While 2020 hasn't been a great year for traveling, there have been plenty of great camera and photography releases that will help you capture the moment when you can get back on the road again. Here are the highlights.
Moment Magsafe Camera Accessories
Moment is probably the best-known gadget manufacturer of smartphone photography accessories, and it just released a MagSafe case for the iPhone 12 along with a host of MagSafe accessories, including tripod, a light, microphone, a car vent and even a wall attachment.
The case starts at $20.
The Instax Square SQ1, on the other hand, shoots 2.5-inch square photos that offer way more in terms of lasting appeal as an actual photograph, and an aspect ratio that's second nature to any Instagrammer. The Square SQ1 (and its film) are a bit more expensive than the Mini, but it's worth it for pictures that are more "photo" than "gimmick."
Peak Design Travel Tripod
The Peak Design Travel Tripod can be purchased in two different constructions: carbon fiber or aluminum alloy. The carbon fiber model is lighter and significantly more expensive, but both models weigh less than four pounds but can handle up to 20 pounds of camera. Also, both models will work with both DSLR or mirrorless cameras; a smartphone mount is also included. The Travel Tripod has latches to extend the legs instead of traditional twist locks, which makes it quicker to set up. It has a quick-release button that makes attaching and removing a camera fast and easy. And there are small levers that let you spread the legs wide for low-angle photos.
iPhone 12 Pro Max
The iPhone 12 Pro and the iPhone 12 Pro Max both have triple rear-camera systems consisting of wide (main), ultra-wide and telephoto lenses. The ultra-wide lens is the exact same on both smartphones, but the Pro Max has superior wide and telephoto cameras. Specifically, the Pro Max's wide lens has much larger sensor — 47-percent larger, to be exact — which allows it to take better photos in low-light situations. And the Pro Max has a longer telephoto lenses (2.5x vs 2x) with slightly better optical zoom (5x vs 4x range) and digital zoom (up to 12x vs up to 10x).
Nikon Z 5
the Z5 is primarily notable for two things in combination: sensor size and price. At a list price of $1,399 (body only), the Nikon Z5 is not the cheapest mirrorless full frame camera available. Options like the Canon RP (which you can find for about $899 these days) and various pre-owned or older-model options of various higher-end bodies have it beat. Not to mention you always could get a DSLR. But the Z5's suite of features and general performance make it an especially enticing gateway drug for potential crop sensor converts. And maybe more crucially, a sign of things to come.
Olympus OM-D E-M1 MKIII
The E-M1 Mark III, the product of more than a decade of refinement throughout the OM-D lineage, shows just how myopic that pixel-peeping perspective can be. Cribbing a suite of professional-grade features from the bulkier, pricier, awkward-ier E-M1x and squeezing them into the E-M1 line’s tight, tidy body, Olympus has put together a package that carries its 20.4MP sensor (and matching suite of affordable, portable Micro Four Thirds lenses) so much further than any inveterate spec nerd would ever expect them to go. It's just a shame Olympus went and sold off its camera division.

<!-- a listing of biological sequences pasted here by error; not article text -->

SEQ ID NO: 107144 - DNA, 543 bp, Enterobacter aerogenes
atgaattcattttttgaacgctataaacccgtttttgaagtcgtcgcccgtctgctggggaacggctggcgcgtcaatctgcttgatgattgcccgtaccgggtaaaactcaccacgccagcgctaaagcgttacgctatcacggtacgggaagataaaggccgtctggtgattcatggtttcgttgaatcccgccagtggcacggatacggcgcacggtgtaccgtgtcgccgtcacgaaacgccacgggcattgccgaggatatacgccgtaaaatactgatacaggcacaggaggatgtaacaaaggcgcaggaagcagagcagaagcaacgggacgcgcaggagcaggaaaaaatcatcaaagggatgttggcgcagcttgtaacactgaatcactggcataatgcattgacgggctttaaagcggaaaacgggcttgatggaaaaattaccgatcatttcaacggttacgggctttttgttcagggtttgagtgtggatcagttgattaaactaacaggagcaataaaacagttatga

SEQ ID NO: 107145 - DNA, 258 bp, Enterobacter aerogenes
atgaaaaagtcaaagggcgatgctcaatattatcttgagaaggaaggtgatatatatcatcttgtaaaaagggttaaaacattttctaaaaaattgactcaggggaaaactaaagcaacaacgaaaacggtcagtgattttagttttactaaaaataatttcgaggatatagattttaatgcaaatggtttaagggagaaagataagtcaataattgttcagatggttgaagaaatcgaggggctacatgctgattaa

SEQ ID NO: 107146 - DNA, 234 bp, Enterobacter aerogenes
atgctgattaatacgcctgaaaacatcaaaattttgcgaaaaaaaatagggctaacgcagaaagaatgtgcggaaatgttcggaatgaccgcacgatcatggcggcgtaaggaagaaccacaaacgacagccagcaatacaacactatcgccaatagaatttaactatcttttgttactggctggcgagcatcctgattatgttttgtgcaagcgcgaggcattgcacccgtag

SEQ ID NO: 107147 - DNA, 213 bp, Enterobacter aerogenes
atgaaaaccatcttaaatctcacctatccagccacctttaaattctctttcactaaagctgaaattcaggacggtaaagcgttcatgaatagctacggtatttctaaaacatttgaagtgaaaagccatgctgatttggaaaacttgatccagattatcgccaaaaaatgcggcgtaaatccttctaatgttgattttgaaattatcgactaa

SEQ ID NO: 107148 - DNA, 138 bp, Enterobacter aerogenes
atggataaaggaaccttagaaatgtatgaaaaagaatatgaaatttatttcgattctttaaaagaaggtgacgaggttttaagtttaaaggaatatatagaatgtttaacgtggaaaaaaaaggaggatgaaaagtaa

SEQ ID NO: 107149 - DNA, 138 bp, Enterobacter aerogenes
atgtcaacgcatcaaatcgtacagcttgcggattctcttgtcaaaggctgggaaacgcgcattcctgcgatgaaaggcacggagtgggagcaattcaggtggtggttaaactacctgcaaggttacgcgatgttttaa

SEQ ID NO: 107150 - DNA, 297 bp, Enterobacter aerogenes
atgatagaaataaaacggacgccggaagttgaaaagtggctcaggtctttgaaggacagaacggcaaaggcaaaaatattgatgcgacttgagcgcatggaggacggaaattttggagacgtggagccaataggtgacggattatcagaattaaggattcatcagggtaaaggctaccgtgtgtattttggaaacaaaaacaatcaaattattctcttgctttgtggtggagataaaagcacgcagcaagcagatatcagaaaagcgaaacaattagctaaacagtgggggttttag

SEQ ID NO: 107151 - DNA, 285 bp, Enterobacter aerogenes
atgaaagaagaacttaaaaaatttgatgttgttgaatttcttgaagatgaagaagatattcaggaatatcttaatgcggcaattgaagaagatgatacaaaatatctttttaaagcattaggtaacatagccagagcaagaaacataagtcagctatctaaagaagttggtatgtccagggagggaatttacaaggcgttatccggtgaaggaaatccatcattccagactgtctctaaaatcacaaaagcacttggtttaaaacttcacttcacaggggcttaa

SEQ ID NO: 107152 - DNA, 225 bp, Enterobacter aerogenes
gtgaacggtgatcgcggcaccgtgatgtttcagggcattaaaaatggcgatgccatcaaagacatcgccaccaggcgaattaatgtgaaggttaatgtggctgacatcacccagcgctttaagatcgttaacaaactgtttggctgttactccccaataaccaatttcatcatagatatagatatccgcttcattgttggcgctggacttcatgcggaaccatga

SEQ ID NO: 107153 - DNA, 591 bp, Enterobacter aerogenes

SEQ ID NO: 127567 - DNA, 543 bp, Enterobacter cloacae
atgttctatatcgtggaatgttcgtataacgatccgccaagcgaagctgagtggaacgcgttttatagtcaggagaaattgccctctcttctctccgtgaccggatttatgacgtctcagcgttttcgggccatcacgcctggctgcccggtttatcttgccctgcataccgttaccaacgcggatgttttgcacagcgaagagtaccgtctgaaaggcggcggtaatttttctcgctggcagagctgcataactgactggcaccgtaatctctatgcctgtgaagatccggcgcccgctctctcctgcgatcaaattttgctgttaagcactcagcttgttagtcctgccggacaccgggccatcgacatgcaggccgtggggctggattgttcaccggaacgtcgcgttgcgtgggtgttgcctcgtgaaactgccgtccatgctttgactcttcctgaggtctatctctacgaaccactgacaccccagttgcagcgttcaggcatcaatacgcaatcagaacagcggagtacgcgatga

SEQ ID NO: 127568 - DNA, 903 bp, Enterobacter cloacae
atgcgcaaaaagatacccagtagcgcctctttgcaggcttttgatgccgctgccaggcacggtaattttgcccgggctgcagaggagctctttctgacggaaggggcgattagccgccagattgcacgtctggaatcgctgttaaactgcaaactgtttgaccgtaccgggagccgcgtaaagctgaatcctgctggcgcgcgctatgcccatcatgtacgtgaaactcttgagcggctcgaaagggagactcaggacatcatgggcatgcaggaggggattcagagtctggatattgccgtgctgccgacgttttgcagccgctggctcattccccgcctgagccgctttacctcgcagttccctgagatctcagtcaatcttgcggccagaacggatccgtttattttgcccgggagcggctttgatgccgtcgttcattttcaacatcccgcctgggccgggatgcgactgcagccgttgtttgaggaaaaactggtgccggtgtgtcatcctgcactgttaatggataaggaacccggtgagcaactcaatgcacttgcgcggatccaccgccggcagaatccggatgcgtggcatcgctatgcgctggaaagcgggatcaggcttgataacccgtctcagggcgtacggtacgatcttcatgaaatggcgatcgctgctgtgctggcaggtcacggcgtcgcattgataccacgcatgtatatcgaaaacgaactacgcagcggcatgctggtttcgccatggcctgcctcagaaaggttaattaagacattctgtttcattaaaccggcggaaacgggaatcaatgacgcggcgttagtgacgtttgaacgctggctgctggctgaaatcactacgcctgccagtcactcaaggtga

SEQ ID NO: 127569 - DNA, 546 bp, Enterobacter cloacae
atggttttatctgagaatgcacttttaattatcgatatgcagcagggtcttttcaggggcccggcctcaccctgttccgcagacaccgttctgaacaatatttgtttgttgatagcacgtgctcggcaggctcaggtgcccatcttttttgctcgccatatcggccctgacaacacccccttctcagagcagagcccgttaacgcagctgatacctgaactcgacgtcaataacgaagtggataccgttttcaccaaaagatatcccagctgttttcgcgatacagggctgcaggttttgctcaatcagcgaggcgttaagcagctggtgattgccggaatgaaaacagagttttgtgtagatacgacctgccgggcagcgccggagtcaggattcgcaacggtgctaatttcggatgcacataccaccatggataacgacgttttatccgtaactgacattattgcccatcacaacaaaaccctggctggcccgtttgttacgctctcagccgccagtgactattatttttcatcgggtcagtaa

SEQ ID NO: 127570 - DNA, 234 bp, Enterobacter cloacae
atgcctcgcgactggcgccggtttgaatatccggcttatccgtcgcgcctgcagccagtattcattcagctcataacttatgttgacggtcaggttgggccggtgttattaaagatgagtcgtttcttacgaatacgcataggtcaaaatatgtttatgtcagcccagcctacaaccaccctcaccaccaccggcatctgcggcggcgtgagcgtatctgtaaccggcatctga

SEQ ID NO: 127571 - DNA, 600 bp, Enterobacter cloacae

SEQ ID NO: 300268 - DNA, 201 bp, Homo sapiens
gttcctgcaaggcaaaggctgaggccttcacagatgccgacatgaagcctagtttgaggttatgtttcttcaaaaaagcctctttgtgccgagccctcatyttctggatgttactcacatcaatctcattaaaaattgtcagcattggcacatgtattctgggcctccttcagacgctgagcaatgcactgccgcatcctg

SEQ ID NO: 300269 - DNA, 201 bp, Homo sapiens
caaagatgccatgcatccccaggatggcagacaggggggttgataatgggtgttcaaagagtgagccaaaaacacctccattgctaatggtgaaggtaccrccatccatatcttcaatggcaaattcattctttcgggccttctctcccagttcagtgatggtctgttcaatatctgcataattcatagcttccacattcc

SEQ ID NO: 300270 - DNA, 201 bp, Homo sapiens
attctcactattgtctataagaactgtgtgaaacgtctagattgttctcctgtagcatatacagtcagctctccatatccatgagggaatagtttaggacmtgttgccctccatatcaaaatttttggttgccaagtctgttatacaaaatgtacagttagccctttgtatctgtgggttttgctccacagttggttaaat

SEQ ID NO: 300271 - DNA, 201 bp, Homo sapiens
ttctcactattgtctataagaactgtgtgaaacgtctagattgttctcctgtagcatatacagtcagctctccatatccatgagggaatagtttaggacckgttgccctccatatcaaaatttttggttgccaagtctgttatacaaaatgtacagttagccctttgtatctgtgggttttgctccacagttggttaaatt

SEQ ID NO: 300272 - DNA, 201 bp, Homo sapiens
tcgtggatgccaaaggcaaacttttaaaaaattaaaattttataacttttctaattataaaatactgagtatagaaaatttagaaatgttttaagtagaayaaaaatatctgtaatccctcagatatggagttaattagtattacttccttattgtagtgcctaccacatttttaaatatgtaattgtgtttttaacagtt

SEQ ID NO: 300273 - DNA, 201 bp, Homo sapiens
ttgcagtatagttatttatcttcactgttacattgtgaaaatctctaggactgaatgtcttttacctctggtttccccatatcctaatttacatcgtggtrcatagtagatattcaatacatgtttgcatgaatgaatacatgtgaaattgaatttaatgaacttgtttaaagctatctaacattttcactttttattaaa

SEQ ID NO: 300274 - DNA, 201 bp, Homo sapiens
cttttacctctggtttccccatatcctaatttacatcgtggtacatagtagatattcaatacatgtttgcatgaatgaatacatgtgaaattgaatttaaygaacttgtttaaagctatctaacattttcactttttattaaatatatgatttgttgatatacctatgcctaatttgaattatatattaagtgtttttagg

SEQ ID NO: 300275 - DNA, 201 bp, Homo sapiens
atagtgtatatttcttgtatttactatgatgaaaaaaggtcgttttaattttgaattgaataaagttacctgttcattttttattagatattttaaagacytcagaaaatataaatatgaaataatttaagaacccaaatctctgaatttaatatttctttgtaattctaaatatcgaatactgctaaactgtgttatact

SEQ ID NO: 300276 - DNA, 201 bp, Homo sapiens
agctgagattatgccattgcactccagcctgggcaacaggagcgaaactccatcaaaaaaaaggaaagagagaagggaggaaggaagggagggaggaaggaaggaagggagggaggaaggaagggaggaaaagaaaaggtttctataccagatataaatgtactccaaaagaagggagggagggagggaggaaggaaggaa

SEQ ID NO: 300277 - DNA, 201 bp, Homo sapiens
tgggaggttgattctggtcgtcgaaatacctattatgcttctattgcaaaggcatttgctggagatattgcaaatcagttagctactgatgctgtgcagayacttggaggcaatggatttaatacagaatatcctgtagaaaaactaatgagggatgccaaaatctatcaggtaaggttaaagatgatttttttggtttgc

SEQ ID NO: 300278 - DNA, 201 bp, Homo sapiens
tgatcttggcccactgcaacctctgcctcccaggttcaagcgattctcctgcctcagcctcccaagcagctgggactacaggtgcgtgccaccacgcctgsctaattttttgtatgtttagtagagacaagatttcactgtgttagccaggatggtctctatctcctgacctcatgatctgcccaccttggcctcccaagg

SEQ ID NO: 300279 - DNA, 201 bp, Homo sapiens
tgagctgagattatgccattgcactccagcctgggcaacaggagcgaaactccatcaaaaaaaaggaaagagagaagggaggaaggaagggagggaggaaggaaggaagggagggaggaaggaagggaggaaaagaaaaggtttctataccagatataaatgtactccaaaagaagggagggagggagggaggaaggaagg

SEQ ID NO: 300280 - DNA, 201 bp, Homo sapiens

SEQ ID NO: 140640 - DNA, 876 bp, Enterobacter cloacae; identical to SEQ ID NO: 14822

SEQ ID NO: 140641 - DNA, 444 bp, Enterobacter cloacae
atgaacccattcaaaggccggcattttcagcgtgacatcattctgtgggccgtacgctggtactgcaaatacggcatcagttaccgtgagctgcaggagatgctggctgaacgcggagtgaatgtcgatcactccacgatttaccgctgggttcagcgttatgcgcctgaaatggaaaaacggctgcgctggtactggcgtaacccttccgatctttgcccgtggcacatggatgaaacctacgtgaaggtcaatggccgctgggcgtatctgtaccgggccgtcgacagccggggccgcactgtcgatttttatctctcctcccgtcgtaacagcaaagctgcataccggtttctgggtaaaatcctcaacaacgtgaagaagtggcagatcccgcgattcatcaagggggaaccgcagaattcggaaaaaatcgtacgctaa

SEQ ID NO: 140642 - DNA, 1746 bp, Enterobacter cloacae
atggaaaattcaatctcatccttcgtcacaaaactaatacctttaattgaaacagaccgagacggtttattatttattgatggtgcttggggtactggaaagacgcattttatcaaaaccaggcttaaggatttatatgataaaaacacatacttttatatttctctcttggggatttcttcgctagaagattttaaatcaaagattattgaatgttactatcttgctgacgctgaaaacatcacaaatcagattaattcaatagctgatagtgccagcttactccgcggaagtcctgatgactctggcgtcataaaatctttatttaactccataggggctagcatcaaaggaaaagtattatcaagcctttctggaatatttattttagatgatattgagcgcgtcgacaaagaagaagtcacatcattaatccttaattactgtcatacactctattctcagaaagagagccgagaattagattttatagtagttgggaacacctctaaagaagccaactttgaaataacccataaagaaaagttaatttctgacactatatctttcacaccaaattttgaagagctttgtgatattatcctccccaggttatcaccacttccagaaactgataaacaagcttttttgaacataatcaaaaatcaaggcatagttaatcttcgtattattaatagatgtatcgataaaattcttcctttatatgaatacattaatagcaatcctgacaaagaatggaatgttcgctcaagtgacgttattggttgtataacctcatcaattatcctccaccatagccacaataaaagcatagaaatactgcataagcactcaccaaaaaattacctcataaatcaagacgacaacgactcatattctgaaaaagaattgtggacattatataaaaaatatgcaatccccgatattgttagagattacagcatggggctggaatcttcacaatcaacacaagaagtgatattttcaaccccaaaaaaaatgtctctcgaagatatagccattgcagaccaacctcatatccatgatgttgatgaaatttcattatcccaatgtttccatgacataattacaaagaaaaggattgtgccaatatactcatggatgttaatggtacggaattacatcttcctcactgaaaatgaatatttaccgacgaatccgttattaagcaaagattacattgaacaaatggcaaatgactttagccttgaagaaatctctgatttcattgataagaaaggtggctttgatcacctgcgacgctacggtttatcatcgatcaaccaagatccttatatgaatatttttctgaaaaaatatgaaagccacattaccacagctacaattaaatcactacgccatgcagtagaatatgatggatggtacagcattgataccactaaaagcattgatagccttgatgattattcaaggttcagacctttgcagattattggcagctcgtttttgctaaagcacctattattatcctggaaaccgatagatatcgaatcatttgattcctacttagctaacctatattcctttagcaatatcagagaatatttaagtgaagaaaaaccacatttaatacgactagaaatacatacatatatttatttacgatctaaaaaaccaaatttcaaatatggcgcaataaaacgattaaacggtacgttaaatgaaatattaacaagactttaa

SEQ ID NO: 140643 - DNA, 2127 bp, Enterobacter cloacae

Sony Alpha 7c
The A7C is the smallest and lightest full-frame interchangeable lens cameras that the company has ever created. Combined with its big 24-megapixel full-frame sensor, the Sony A7C looks poised to put some real pressure on the APS-C compact cameras (including Sony's own A6400). The Sony A7C looks to be a smart repackaging of the A7III. Although you're most likely going to need a lens like f/2.8 or faster to that full frame advantage. Pair it with a 50mm f/1.4, and it A7C could make an awesome travel camera.
Canon's new flagship juggernaut is a best-in-class beast, and earned its spot on Gear Patrol's GP100 because of it. Its new 45-megapixel full-frame sensor captures stunningly high-quality, high-resolution photos at speeds of up to 20 frames per second, with awesome autofocus and excellent ergonomics. The guinea pig for Canon's new in-body image stabilization, the R5 can offer up to eight stops of stabilization under optimal circumstances and with compatible lenses.
In a move reminiscent of the Canon EOS R6, Nikon Z6 or Sony A7s, Leica has announced a lower resolution, lower cost version of the stellar SL2 that manages to incorporate some killer specs. A stabilized 24-megapixel backside illuminated sensor (down from 47 in the SL2) allows excellent low-light performance and 4K 10-bit 4:2:2 video capture up to 30fps (soon to be 60 with a coming firmware update). Another small news-bit that comes with the SL2-S's announcement: the SL series (as well as the bonkers, medium-format S3) are now supported in Capture One - industry standard software for many pros.